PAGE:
Mauritius commendably took over the organisation of the 11th African Junior Championships from South Africa two months prior to the competition. In return, the athletes staged the show and came up with two championship records at the Germain Comarmond Stadium in Bambous.
The landmarks of the championships have been the stunning performances of the Nigerian sprinters and the Ethiopian distance runners. But perhaps the most surprising gold medal is the one won by Kenya’s Alex Kiprotich in the men’s Javelin.
During the four days of competition, Nigerian sprinters proved that they are undoubtedly back in business after their dominance on the African stage had slipped in recent years.
In Bambous, Nigeria won all four relays and took gold and silver in the men’s 100m (Harry Chukwudike, 10.54, and Mamus Emuobonuviem, 10.58). There was also victory for Divine Oduduru in the 200m (21.19), victories in the women’s 200m (Nkiruka Uwakwe, 24.21) and 400m (Ada Benjamin, 52.87) as well as a gold medal in the women’s Long Jump.
Ethiopia’s sprinting surprise
Nigeria was not the only nation who impressed in the sprints at the championships. Ethiopia’s Yuma Tegest Tamangnu won silver medals in the women’s 100m and 200m, while her team-mates won bronze medals in the 400m and 400m Hurdles before they strongly challenged Nigeria in the 4x400m to finally claim the silver medal.
Ethiopian women also maintained their domination of the middle and long-distance races by clinching gold medals in the 800m, 1500m, 3000m, 5000m and 3000m Steeplechase. The 1500m was one of the best events of the championships as Dawit Seyaum avenged her World Youth Championships defeat to team-mate Tigist Gashaw.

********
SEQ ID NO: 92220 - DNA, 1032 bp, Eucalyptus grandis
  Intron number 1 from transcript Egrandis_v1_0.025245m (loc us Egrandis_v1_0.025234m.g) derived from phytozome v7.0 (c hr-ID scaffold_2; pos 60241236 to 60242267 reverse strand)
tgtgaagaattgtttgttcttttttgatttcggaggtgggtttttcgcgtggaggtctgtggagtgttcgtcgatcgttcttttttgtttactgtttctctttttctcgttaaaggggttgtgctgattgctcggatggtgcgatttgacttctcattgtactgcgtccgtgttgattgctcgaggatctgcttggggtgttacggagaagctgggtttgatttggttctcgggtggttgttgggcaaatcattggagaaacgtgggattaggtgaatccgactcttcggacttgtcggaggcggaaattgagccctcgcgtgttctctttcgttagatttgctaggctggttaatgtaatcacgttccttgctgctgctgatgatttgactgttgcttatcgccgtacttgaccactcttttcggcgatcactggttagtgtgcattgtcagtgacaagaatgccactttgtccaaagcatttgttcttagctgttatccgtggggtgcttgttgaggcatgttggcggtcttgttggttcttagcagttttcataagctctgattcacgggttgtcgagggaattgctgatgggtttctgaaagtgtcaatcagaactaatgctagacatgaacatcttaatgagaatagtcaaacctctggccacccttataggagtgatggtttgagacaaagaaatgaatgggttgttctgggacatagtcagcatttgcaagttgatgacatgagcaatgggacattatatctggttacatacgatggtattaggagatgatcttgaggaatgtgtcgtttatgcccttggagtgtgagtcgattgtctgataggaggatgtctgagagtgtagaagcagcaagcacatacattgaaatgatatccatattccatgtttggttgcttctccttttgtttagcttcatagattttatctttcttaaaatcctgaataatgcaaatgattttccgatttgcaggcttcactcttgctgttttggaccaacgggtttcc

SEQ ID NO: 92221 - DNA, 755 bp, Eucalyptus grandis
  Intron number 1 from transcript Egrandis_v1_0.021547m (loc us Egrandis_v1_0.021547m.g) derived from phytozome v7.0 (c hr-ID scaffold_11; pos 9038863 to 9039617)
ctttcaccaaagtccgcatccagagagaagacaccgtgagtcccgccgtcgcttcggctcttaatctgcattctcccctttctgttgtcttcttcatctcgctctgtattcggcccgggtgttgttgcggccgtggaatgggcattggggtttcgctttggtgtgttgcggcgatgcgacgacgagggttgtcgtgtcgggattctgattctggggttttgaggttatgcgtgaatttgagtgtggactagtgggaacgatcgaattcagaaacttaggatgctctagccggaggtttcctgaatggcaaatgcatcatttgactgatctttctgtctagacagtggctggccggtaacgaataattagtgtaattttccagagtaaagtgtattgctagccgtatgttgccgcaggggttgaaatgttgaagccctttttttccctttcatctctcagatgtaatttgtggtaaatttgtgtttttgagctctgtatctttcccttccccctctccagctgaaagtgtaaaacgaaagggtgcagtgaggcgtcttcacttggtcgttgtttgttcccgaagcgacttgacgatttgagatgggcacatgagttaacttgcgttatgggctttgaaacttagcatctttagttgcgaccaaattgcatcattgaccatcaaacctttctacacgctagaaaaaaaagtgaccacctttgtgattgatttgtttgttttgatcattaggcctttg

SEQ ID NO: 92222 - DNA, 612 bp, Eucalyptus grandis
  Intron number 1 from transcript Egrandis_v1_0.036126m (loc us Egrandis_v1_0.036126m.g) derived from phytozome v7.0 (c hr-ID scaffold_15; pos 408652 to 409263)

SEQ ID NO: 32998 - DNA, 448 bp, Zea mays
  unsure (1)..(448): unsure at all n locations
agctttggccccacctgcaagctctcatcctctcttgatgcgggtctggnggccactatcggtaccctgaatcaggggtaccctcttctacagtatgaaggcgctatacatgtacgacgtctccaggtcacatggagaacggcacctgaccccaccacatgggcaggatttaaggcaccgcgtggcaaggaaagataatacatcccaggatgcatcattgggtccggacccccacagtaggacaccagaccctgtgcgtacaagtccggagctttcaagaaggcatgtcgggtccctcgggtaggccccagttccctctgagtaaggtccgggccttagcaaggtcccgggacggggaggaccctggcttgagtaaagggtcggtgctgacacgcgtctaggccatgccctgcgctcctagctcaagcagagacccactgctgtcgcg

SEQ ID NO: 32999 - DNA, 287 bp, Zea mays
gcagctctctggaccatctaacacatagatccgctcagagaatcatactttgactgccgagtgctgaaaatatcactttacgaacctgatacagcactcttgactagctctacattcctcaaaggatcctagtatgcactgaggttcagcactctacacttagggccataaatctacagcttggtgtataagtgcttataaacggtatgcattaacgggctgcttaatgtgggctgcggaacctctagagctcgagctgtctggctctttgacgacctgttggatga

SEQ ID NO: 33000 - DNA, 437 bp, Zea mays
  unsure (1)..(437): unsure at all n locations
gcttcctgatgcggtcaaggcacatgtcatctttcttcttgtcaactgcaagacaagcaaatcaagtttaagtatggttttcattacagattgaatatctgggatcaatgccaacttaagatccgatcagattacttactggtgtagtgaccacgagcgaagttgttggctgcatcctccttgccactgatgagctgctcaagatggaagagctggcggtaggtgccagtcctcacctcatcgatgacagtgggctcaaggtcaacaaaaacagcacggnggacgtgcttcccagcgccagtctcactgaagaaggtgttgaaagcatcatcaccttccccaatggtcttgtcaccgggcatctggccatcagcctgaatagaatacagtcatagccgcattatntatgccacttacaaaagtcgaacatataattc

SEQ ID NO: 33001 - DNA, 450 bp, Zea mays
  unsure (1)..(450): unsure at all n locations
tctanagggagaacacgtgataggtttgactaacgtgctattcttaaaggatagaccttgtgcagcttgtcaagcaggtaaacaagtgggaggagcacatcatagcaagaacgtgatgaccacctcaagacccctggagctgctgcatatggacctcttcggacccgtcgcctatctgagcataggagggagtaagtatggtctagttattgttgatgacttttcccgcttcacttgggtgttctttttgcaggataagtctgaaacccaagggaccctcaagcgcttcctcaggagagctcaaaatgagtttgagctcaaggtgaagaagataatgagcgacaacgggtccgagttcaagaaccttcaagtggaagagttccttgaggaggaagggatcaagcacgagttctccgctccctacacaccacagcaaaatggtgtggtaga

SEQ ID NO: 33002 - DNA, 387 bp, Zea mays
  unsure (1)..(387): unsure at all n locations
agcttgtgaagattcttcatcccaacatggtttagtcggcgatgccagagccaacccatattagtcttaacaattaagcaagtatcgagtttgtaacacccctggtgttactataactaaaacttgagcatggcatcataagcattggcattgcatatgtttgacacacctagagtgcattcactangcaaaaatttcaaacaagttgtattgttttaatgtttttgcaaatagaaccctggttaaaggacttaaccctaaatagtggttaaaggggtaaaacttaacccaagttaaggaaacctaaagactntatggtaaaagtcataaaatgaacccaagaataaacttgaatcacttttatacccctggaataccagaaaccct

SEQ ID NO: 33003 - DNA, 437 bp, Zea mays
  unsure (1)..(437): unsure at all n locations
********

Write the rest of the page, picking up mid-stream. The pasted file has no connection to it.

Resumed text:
After finishing more than a second behind Gashaw in Donetsk, Seyaum was the dominant athlete on this occasion as she smashed her PB to win gold in 4:09.00, finishing more than three seconds ahead of Gashaw (4:12.38).
Weynshet Ansa was another World youth medallist in action in Bambous. Winner of the Steeplechase bronze medal in Donetsk, this time Ansa stood on the top of the podium after taking gold in the 3000m Steeplechase, dipping under 10 minutes for the first time in her life with 9:59.46.
However, their male counterparts were not so competitive, as Kahsay Adhana was the only Ethiopian winner in a men’s event, taking gold in the 800m. In a tactical race, he sat back all the way before unleashing a devastating acceleration in the final straight to take the victory.
Two championship records
Ahmed Hassan won the men’s Shot Put with a championship record of 19.59m. It was one of four gold medals won by Egypt in technical events as Eslam Ibrahim and Ebrahim Mohamed won the men’s and women’s Hammer respectively with 74.49m and 53.88m, Kaseb Omar triumphed in the men’s High Jump with 2.11m, and Fadya El Kasaby took the first title of the championships, taking gold in the Discus with 42.71m.
South Africa’s Sabelo Ndlovu was another athlete to set a championship record, winning the Triple Jump with 15.92m. Four of his team-mates also went home with gold medals as Megan Wilke won the women’s Javelin with 47.42m, Lezaan Jordaan won the women’s Shot Put with 15.07m, Andrew Boer leapt 7.58m to win the Long Jump and Constant Pretorius clocked 51.08 to win 400m Hurdles.
Four gold medals for Kenyan athletes
Kenya ruled the men’s long distance races with Festus Kiprono and Mathew Kiptanui winning gold in the 3000m Steeplechase and 1500m respectively, while Josephat Kiprop took silver in the 10,000m behind Uganda’s Martin Kurong.
However, Moses Mukono put Kenya back in the limelight when he kicked with half a lap remaining of the 5000m to take gold.
But one of Kenya’s four gold medals was not won in a track event. Alex Kiprotich was the surprise winner of the men’s Javelin, taking gold with his fourth-round throw of 71.43m.
“The gold medal of Kiprotich reminds me of the fourth-place finish of Julius Yego in the Javelin throw at the last IAAF World Championships,” said Hamad Kalkaba Malboum, president of the Confederation of African Athletics (CAA). “This is very encouraging as it shows that Kenya is no longer relying only on its distance runners but that there is serious work which is being done with young athletes to enable them to get involved in highly technical events.”
Menon Ramsamy and Reynolds Quirin for the IAAF